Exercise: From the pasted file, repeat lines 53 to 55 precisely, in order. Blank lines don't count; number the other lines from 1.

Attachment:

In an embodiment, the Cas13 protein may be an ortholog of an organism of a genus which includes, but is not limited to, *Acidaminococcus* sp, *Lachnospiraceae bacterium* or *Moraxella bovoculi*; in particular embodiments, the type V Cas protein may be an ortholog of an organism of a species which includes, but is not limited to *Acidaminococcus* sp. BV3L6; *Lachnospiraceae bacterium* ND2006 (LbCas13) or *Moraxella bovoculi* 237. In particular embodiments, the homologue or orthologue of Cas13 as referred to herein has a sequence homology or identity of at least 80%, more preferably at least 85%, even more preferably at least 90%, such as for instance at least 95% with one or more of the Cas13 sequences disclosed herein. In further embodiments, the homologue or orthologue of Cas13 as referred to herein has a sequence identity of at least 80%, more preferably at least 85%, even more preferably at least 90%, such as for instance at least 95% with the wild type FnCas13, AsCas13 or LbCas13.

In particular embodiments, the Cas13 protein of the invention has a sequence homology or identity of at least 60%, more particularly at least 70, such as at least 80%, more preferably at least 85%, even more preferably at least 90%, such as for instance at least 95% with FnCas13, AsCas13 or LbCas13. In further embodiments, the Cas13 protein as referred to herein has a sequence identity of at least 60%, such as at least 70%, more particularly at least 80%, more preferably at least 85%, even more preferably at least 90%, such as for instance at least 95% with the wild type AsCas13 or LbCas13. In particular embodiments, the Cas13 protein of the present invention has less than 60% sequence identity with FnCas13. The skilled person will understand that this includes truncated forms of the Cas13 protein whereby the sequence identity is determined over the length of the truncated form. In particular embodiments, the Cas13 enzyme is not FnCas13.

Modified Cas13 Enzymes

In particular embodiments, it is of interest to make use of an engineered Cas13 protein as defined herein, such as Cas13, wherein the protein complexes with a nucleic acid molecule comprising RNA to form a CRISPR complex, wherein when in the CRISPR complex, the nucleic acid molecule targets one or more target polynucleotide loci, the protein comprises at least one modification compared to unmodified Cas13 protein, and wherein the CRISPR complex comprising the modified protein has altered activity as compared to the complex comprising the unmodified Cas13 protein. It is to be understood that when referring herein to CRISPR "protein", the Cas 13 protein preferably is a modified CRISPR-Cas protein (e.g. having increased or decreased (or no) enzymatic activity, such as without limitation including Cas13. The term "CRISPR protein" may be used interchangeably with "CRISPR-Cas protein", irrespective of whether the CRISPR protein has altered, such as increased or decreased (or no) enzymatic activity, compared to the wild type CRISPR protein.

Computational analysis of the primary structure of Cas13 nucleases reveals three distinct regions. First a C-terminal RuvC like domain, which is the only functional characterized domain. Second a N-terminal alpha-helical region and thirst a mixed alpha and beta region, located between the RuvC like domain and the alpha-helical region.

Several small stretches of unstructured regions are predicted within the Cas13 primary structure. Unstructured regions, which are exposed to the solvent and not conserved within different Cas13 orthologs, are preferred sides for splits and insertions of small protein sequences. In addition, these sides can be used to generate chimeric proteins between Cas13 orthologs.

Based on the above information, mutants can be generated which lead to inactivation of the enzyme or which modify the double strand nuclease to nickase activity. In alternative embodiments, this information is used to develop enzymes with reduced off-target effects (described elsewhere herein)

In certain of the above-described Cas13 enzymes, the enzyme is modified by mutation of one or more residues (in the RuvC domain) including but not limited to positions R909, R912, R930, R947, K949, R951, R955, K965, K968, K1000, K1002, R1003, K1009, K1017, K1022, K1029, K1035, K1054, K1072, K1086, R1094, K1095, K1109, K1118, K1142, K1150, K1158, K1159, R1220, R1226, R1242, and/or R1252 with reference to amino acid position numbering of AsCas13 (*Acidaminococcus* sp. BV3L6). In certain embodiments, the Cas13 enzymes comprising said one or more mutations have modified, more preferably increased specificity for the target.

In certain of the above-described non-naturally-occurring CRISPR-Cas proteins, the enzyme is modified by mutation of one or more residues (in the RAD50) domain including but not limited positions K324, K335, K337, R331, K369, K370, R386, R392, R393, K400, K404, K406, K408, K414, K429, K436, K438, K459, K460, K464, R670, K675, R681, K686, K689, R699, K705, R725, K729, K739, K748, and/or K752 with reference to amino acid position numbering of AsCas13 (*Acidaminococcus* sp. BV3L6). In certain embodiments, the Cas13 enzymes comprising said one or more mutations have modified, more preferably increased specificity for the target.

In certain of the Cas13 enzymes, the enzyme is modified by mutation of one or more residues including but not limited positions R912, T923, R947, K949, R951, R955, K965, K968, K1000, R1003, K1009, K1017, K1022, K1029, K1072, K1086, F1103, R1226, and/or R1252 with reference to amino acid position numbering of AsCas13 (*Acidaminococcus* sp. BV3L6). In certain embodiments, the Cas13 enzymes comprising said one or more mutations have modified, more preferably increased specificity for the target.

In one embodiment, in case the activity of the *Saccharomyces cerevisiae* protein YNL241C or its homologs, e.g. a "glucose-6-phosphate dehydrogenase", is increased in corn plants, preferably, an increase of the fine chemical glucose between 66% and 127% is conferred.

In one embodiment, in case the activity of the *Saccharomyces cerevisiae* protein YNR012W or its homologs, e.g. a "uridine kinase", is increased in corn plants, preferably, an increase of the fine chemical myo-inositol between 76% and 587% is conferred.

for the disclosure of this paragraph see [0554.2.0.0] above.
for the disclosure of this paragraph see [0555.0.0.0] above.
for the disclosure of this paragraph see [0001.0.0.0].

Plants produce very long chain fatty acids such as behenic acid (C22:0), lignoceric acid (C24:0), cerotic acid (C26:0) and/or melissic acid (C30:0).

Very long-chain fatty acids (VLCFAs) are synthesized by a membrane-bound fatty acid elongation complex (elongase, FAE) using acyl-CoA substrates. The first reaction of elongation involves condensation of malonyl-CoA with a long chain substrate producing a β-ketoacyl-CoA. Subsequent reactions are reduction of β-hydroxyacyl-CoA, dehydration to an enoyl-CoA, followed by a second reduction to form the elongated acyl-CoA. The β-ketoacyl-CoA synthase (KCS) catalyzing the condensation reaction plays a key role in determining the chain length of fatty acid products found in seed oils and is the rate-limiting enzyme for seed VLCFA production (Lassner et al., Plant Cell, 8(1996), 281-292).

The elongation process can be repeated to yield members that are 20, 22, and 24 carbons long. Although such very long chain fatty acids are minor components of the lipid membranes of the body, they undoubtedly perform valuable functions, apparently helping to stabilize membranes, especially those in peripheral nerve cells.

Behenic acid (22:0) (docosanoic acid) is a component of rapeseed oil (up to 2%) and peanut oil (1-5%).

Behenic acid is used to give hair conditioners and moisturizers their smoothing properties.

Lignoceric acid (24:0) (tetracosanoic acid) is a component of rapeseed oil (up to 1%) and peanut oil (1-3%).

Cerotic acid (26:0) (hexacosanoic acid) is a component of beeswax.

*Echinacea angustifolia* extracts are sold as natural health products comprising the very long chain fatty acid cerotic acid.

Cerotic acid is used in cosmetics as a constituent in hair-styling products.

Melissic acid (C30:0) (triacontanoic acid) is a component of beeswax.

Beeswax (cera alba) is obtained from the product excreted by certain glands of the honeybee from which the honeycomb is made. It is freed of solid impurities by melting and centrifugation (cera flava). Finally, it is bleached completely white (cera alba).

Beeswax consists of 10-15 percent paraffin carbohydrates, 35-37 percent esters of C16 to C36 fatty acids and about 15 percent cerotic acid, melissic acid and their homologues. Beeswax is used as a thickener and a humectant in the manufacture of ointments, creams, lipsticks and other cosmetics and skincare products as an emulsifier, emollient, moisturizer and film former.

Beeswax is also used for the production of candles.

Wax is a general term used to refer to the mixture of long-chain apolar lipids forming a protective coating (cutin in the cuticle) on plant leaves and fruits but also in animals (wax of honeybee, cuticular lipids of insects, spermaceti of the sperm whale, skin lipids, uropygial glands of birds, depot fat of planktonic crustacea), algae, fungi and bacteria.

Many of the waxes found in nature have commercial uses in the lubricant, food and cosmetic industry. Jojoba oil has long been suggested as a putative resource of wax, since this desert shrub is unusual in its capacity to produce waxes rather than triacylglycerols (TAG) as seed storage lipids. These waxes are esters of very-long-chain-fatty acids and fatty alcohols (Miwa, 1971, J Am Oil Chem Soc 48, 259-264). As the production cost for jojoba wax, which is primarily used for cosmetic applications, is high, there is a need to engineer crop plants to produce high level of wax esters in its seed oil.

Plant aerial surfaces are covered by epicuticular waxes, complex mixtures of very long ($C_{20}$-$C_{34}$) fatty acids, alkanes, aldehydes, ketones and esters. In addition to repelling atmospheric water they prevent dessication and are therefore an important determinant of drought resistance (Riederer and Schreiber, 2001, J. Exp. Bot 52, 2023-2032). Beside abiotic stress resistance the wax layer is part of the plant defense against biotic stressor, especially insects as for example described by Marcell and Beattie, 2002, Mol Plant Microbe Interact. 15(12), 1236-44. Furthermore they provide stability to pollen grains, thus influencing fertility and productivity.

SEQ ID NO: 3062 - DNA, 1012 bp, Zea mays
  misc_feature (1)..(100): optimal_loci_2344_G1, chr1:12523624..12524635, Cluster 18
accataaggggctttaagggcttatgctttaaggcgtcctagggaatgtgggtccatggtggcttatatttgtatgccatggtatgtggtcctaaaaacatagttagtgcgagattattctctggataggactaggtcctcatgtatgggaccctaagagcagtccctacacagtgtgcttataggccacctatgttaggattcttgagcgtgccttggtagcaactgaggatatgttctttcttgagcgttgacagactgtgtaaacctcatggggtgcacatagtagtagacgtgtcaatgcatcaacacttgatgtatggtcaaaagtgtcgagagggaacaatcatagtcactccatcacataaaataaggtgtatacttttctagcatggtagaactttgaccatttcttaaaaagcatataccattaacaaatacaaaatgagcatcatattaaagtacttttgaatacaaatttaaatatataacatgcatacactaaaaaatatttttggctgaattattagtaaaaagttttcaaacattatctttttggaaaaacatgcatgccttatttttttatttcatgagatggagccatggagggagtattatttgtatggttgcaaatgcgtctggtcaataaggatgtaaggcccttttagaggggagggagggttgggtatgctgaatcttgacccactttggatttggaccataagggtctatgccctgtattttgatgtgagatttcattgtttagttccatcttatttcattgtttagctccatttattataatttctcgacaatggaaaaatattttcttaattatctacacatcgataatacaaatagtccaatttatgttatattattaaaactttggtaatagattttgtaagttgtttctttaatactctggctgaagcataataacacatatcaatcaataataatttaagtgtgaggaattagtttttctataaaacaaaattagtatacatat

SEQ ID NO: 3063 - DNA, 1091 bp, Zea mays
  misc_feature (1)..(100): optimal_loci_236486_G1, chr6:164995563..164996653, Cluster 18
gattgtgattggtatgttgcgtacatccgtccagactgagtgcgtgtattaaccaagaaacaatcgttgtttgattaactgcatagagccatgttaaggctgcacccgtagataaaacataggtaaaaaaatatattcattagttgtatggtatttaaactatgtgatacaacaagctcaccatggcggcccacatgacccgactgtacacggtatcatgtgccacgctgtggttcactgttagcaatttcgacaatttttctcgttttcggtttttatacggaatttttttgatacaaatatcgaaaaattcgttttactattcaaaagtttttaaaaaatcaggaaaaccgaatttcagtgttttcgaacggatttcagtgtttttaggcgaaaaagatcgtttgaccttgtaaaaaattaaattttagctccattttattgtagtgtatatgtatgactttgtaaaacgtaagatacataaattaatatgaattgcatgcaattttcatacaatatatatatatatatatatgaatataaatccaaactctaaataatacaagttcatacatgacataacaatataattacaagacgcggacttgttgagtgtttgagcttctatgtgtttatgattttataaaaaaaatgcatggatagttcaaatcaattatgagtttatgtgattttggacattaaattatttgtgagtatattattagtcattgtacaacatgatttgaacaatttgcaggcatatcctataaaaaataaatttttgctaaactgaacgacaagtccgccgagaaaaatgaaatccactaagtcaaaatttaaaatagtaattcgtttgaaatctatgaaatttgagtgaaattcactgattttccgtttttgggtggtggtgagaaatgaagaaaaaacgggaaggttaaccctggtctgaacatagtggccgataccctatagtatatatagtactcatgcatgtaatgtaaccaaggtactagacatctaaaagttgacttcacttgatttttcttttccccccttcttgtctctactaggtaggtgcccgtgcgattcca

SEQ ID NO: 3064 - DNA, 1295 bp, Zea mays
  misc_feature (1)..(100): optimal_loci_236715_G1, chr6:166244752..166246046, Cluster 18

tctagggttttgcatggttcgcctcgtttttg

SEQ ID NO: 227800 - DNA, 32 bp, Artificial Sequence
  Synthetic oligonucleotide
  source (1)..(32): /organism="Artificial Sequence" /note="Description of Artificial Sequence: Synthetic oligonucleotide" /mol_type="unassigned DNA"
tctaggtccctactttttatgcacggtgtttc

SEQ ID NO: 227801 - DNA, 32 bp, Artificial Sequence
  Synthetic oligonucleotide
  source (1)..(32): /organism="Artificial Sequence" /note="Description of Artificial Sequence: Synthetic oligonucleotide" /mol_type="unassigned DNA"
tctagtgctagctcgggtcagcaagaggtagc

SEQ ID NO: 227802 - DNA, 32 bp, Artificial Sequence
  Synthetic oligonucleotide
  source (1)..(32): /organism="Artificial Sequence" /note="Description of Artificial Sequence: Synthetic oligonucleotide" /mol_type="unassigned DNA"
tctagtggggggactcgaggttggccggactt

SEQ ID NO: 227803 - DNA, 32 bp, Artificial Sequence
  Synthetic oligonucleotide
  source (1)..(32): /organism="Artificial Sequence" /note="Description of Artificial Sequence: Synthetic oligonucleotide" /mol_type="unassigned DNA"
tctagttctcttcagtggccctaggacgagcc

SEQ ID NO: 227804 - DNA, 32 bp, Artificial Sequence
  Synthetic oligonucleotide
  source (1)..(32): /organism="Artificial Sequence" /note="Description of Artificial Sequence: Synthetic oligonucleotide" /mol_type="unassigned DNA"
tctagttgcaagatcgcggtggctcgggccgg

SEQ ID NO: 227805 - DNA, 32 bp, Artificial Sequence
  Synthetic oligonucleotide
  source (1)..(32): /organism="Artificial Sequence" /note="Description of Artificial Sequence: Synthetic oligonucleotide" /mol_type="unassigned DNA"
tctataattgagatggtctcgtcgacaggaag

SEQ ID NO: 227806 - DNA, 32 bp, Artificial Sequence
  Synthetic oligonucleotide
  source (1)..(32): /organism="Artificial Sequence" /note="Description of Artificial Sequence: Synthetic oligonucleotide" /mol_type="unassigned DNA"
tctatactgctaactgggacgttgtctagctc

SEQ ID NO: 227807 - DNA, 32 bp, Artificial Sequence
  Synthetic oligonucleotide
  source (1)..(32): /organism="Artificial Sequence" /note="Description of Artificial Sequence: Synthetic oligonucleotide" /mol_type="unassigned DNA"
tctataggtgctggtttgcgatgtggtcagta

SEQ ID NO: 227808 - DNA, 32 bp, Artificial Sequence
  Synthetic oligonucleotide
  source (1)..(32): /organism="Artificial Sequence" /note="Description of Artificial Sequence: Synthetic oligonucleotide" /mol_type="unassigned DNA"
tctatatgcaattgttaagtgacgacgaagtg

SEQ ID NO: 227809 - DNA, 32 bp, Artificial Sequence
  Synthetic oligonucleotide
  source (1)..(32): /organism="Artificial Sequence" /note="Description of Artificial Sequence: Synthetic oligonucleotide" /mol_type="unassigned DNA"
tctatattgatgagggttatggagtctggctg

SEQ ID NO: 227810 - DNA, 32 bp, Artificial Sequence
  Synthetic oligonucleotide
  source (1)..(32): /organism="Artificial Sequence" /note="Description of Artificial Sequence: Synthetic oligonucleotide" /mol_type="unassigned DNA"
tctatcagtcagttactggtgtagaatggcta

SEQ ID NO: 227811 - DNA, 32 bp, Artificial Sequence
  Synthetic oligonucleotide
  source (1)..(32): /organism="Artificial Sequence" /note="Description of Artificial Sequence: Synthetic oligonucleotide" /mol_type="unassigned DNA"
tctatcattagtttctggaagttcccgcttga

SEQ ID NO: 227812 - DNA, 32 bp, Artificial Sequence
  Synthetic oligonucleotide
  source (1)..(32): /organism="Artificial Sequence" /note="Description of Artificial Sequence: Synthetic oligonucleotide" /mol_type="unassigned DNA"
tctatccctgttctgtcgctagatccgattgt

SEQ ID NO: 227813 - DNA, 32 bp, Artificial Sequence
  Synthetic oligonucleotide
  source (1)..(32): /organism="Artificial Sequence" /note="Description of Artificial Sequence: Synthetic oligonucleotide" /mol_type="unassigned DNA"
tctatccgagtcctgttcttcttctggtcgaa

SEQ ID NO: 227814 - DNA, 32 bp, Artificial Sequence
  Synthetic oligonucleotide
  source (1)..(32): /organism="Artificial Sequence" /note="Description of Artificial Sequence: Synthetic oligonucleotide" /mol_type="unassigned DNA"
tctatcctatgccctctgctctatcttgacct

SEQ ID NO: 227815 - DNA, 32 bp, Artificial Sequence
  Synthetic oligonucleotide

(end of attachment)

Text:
SEQ ID NO: 227803 - DNA, 32 bp, Artificial Sequence
  Synthetic oligonucleotide
  source (1)..(32): /organism="Artificial Sequence" /note="Description of Artificial Sequence: Synthetic oligonucleotide" /mol_type="unassigned DNA"